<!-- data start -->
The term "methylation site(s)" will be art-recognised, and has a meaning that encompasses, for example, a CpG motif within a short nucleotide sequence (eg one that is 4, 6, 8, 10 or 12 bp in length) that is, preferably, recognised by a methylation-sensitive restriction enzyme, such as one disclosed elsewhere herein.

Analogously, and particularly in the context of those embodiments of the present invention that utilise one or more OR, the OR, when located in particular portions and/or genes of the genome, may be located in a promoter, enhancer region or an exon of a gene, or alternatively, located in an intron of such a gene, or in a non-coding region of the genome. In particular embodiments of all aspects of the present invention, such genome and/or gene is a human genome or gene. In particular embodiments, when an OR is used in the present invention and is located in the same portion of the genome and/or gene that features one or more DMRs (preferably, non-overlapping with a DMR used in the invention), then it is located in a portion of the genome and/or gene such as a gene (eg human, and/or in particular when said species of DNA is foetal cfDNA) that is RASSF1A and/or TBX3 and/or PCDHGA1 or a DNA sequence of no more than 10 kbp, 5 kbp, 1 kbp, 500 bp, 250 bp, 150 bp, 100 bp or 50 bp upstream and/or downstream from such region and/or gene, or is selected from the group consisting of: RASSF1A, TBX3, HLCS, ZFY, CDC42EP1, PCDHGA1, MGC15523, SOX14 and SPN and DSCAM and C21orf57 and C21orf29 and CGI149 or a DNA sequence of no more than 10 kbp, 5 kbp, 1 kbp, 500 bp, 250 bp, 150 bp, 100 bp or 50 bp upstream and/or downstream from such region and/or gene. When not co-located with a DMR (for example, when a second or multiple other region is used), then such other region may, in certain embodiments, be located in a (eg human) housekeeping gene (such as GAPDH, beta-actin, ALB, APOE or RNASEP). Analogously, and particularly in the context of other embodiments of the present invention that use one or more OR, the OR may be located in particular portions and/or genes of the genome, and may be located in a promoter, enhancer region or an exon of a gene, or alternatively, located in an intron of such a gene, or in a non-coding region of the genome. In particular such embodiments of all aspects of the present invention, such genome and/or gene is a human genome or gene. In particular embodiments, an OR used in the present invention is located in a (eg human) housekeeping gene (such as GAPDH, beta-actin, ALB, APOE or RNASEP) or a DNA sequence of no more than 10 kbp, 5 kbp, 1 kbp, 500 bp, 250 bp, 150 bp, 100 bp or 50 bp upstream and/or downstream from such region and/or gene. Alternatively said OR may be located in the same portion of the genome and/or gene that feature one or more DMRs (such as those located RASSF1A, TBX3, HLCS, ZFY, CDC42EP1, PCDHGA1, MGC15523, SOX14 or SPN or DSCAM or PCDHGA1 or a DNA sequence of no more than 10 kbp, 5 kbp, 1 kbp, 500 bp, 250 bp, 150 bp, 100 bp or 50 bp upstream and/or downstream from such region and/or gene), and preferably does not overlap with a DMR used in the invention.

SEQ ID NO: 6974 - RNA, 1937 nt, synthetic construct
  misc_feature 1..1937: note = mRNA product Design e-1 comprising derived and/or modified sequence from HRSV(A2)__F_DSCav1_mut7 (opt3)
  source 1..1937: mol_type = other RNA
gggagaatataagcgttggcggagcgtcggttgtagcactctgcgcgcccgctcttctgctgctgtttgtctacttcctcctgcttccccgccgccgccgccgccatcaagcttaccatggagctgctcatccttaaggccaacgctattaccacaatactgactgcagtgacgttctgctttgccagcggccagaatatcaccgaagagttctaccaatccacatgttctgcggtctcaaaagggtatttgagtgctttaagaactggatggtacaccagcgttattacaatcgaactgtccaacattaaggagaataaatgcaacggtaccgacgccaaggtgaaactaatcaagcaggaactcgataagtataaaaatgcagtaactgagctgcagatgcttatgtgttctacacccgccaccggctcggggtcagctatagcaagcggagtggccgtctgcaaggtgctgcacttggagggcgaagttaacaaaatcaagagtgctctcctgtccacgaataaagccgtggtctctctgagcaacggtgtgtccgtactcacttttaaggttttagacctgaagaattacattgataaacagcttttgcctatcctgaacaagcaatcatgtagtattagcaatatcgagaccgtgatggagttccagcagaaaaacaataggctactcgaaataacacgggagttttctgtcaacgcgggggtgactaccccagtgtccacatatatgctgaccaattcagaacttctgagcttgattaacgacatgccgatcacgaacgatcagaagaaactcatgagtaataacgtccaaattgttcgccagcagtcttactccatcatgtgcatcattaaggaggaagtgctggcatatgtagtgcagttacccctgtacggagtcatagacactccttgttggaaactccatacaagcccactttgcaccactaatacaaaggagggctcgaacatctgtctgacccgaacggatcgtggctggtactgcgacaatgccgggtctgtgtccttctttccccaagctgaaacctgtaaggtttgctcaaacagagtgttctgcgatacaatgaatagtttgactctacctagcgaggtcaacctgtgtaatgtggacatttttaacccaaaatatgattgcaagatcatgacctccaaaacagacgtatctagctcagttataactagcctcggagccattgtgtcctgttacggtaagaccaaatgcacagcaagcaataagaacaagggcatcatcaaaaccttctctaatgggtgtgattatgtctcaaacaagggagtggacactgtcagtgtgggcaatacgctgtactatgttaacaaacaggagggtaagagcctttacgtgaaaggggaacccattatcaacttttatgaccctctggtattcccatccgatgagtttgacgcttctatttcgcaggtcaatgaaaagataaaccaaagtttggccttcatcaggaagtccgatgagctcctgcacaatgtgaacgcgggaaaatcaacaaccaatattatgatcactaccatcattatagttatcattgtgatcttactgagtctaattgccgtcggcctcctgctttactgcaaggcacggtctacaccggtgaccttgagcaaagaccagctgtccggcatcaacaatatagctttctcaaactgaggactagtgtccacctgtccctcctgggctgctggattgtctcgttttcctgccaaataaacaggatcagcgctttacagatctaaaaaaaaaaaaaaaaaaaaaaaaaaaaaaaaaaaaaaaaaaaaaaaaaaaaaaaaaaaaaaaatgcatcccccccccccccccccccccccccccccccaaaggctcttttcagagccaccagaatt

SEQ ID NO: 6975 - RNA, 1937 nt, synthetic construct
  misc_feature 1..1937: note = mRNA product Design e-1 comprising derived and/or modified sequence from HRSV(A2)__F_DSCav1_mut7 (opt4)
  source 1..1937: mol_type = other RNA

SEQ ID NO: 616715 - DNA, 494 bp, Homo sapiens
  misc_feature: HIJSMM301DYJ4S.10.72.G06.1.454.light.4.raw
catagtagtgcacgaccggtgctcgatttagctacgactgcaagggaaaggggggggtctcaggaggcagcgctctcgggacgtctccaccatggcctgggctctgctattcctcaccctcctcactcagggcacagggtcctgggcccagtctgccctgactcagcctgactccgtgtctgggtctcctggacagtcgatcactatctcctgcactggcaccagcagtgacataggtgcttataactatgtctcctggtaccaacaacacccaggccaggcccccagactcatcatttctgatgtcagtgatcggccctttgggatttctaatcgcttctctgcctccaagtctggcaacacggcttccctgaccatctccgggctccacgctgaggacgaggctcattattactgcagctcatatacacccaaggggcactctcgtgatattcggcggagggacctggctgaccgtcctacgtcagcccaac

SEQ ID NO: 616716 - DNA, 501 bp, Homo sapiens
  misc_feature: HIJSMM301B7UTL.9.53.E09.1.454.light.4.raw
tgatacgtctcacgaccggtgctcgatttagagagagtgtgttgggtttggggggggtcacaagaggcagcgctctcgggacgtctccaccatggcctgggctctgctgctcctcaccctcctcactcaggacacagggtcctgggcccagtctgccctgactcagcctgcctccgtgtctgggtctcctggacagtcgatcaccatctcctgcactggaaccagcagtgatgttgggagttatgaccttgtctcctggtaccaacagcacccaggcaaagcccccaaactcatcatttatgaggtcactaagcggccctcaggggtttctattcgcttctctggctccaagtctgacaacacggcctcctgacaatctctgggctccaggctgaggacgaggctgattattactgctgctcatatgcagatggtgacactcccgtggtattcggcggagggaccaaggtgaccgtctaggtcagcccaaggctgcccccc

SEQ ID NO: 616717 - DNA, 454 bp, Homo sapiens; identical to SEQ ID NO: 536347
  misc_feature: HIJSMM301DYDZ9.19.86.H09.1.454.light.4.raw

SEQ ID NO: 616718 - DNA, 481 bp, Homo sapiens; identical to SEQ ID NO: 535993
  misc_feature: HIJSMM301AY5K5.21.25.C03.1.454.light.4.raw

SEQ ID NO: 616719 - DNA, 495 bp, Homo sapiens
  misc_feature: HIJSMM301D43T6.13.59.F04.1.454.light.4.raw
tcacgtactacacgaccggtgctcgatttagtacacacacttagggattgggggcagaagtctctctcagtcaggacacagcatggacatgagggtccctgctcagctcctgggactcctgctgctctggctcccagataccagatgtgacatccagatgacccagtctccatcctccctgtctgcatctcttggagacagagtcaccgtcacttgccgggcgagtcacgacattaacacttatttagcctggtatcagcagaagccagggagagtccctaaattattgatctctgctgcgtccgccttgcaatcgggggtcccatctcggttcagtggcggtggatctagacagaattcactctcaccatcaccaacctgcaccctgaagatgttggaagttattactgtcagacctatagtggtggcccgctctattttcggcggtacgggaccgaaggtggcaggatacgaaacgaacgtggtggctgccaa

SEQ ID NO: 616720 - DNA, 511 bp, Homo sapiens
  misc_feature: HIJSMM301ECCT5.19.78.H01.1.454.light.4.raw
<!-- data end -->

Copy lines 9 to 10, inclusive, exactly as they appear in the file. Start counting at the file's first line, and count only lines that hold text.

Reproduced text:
  source 1..1937: mol_type = other RNA

SEQ ID NO: 616715 - DNA, 494 bp, Homo sapiens